Over 80 persons will go on trial before a military court on Tuesday, February 27, 2018, over the failed 2015 coup in Burkina Faso, also included are two top generals accused of masterminding the plot.
The case is being seen as a test of the credibility of justice in the former French colony which has been blighted by numerous coups and mutinies since gaining independence in 1960.
The two main defendants among the 84 on trial are generals Djibrill Bassole and Gilbert Diendere — key allies of former president Blaise Compaore who was chased from power in October 2014.
They have been accused of involvement in a coup launched the following year by Compaore’s old presidential guard against the transitional government that took power after the veteran leader’s fall.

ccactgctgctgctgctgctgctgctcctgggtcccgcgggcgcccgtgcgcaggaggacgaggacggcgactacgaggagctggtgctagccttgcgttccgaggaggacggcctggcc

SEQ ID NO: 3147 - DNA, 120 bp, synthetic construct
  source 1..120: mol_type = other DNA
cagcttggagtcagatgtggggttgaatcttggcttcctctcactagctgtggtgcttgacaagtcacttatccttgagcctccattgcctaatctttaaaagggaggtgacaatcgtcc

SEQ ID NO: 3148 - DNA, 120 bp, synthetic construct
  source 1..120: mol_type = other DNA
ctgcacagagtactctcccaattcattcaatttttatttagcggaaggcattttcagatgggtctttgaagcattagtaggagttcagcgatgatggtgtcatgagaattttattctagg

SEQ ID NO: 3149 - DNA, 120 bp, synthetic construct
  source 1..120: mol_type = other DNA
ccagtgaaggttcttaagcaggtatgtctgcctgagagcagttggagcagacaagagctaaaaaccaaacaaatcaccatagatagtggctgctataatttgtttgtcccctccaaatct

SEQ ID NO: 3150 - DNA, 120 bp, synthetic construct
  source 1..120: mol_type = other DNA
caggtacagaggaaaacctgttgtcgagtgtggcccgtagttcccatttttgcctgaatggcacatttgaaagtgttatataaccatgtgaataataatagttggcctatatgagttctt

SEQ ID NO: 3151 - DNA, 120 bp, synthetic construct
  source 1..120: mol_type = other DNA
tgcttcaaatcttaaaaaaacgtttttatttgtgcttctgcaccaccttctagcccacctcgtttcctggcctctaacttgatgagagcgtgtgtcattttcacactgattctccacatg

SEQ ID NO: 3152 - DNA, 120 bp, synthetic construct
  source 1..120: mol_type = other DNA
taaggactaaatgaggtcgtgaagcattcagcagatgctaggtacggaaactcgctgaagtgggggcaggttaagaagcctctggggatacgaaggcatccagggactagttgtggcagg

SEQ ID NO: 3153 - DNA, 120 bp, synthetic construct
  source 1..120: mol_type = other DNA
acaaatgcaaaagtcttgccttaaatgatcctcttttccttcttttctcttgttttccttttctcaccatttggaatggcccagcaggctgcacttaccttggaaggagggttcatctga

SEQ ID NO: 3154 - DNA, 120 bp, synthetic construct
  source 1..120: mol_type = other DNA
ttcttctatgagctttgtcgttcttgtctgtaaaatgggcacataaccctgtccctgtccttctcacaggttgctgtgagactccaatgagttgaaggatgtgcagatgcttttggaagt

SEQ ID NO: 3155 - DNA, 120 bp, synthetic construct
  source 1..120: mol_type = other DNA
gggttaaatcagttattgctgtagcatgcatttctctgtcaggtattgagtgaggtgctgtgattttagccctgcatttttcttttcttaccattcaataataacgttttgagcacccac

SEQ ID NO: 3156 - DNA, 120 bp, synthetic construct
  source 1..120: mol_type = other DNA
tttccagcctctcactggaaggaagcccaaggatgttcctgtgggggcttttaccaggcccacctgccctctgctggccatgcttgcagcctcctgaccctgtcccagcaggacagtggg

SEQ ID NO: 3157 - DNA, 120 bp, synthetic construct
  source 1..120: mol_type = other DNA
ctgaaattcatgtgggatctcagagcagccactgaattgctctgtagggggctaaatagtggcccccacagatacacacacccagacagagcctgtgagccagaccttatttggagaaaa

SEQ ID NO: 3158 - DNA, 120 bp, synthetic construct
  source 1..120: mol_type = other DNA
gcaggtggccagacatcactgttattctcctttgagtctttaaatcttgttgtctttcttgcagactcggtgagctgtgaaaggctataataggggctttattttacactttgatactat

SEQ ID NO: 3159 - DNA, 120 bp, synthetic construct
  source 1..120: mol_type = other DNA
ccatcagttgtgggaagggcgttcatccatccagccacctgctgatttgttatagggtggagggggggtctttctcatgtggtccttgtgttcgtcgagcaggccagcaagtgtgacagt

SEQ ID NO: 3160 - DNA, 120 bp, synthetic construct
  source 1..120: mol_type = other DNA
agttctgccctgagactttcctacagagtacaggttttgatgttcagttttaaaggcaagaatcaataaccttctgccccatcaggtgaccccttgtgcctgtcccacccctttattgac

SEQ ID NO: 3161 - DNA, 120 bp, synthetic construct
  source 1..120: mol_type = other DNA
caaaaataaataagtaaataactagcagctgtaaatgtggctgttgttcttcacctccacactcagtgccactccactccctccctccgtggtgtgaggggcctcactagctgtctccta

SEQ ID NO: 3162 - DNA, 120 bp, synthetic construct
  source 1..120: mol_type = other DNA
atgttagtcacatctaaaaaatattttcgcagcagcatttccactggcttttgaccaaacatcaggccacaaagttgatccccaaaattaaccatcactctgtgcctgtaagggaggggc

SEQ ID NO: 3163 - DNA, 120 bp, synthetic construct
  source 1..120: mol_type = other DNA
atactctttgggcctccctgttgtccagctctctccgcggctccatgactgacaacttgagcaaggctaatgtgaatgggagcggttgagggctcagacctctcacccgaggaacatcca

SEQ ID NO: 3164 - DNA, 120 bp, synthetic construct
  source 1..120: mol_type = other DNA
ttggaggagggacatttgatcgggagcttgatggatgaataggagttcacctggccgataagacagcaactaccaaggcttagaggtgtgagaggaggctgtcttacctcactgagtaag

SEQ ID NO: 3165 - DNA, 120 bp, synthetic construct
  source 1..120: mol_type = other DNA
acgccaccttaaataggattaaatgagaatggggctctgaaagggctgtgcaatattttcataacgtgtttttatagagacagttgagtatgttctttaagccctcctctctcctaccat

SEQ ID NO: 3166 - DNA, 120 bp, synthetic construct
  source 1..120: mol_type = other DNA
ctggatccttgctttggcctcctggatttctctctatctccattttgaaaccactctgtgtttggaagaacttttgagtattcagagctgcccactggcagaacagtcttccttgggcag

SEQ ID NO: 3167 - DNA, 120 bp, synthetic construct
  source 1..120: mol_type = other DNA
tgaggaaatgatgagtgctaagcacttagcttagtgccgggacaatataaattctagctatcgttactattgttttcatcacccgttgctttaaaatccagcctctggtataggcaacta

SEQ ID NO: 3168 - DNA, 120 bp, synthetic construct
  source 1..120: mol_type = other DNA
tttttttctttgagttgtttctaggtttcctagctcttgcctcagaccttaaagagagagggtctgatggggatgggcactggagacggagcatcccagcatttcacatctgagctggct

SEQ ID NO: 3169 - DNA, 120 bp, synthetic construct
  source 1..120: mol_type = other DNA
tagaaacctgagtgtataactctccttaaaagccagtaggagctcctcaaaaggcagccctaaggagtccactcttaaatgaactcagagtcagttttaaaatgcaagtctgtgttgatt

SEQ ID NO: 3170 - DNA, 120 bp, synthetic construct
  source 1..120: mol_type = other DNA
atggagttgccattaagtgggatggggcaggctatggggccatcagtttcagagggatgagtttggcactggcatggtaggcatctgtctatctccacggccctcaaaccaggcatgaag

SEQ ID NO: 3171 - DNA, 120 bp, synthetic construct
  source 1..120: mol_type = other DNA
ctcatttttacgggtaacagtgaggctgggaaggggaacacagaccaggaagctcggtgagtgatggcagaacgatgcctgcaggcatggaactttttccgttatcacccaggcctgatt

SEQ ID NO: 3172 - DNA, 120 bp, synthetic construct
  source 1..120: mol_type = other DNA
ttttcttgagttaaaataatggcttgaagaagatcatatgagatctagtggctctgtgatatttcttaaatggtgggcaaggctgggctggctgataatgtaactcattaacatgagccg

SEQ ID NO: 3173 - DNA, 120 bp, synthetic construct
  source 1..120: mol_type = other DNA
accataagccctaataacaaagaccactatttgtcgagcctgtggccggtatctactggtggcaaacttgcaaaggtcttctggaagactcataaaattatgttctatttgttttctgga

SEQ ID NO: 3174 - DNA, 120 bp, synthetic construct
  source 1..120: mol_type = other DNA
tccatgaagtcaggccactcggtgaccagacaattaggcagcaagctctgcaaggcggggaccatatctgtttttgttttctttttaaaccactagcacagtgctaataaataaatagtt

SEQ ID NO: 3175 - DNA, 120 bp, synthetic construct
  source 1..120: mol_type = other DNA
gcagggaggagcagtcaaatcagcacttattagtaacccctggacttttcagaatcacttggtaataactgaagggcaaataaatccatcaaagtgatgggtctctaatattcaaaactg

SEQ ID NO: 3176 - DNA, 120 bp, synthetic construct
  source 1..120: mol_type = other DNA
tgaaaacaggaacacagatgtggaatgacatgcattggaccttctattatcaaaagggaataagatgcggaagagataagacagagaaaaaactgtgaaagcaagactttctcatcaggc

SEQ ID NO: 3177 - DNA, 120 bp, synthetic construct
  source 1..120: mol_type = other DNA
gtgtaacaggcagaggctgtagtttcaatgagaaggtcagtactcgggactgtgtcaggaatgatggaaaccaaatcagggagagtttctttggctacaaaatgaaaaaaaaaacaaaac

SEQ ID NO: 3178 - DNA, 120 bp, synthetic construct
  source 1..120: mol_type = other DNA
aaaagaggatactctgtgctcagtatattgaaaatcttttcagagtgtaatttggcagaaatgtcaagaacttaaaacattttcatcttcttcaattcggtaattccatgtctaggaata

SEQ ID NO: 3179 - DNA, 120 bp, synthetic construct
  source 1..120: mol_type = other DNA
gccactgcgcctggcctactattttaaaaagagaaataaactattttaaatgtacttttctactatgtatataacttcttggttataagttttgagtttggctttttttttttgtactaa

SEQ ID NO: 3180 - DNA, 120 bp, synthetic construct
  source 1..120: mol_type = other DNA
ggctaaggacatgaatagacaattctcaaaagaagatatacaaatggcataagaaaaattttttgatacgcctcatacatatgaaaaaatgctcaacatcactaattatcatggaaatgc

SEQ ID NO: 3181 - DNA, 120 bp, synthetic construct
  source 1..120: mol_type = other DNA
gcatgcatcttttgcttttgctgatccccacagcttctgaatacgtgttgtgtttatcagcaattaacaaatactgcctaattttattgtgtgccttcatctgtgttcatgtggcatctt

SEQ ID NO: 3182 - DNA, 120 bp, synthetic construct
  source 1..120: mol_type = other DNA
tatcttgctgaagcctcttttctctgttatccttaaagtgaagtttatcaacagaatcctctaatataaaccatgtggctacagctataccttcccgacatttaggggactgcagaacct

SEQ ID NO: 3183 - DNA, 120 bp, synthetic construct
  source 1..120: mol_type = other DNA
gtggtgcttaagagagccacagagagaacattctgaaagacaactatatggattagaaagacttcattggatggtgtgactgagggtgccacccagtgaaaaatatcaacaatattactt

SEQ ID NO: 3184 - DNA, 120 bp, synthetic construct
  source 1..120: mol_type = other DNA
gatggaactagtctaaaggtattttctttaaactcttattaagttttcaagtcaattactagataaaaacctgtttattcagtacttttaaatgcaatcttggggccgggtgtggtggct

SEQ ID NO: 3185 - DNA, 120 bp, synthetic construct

The elite unit known as the RSP briefly took the country’s leaders hostage before the coup was thwarted by street protesters and support from the army which attacked the plotters’ barracks.
Fourteen people died and 270 were injured in the unrest. Coup leader Diendere, the former head of the RSP, and his co-defendants are accused of a range of crimes including undermining state security and murder.
Bassole, the former foreign minister is also accused of treason over a recording of him reportedly telling the speaker of parliament in neighbouring Ivory Coast of his support for the coup plot. All risk heavy penalties, including the death sentence, according to judicial sources.
Security will be high for the opening of what is expected to be a lengthy trial, with hundreds of members of the security forces at the court and its environs, according to security sources.
Christophe Lompo, the deputy secretary-general of the ABCE, an association set up for victims of the attempted coup, said the trial “would give them hope that they can heal their wounds and seek reconciliation”.
It should be an opportunity for those in the dock to “admit their crimes and demand forgiveness from the people”, he added.
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